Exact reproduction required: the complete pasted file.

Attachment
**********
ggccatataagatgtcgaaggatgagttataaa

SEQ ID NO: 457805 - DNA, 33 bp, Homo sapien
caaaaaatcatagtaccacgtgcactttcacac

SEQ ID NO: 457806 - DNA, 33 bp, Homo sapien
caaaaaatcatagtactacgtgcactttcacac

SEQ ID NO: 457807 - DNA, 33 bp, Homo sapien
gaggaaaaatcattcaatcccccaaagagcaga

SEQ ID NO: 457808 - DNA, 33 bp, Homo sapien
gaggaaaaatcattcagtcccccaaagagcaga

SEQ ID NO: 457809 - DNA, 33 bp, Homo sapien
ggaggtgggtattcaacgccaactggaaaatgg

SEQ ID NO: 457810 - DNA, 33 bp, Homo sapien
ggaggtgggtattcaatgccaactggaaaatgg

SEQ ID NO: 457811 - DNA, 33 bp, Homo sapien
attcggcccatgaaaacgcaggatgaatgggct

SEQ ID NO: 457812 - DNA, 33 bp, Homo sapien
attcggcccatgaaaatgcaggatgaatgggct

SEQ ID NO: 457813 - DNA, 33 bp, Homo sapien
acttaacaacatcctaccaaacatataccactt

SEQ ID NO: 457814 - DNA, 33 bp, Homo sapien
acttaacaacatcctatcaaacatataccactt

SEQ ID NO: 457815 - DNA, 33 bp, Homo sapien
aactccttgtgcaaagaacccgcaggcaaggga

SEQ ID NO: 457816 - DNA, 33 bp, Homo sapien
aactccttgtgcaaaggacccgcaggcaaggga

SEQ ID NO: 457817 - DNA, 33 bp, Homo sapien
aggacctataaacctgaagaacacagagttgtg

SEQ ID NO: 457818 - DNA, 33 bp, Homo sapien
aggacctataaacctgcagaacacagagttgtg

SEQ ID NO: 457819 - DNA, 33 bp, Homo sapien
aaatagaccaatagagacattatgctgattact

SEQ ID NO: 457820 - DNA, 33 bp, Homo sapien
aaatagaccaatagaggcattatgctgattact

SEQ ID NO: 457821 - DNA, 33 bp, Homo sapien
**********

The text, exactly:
ggccatataagatgtcgaaggatgagttataaa

SEQ ID NO: 457805 - DNA, 33 bp, Homo sapien
caaaaaatcatagtaccacgtgcactttcacac

SEQ ID NO: 457806 - DNA, 33 bp, Homo sapien
caaaaaatcatagtactacgtgcactttcacac

SEQ ID NO: 457807 - DNA, 33 bp, Homo sapien
gaggaaaaatcattcaatcccccaaagagcaga

SEQ ID NO: 457808 - DNA, 33 bp, Homo sapien
gaggaaaaatcattcagtcccccaaagagcaga

SEQ ID NO: 457809 - DNA, 33 bp, Homo sapien
ggaggtgggtattcaacgccaactggaaaatgg

SEQ ID NO: 457810 - DNA, 33 bp, Homo sapien
ggaggtgggtattcaatgccaactggaaaatgg

SEQ ID NO: 457811 - DNA, 33 bp, Homo sapien
attcggcccatgaaaacgcaggatgaatgggct

SEQ ID NO: 457812 - DNA, 33 bp, Homo sapien
attcggcccatgaaaatgcaggatgaatgggct

SEQ ID NO: 457813 - DNA, 33 bp, Homo sapien
acttaacaacatcctaccaaacatataccactt

SEQ ID NO: 457814 - DNA, 33 bp, Homo sapien
acttaacaacatcctatcaaacatataccactt

SEQ ID NO: 457815 - DNA, 33 bp, Homo sapien
aactccttgtgcaaagaacccgcaggcaaggga

SEQ ID NO: 457816 - DNA, 33 bp, Homo sapien
aactccttgtgcaaaggacccgcaggcaaggga

SEQ ID NO: 457817 - DNA, 33 bp, Homo sapien
aggacctataaacctgaagaacacagagttgtg

SEQ ID NO: 457818 - DNA, 33 bp, Homo sapien
aggacctataaacctgcagaacacagagttgtg

SEQ ID NO: 457819 - DNA, 33 bp, Homo sapien
aaatagaccaatagagacattatgctgattact

SEQ ID NO: 457820 - DNA, 33 bp, Homo sapien
aaatagaccaatagaggcattatgctgattact

SEQ ID NO: 457821 - DNA, 33 bp, Homo sapien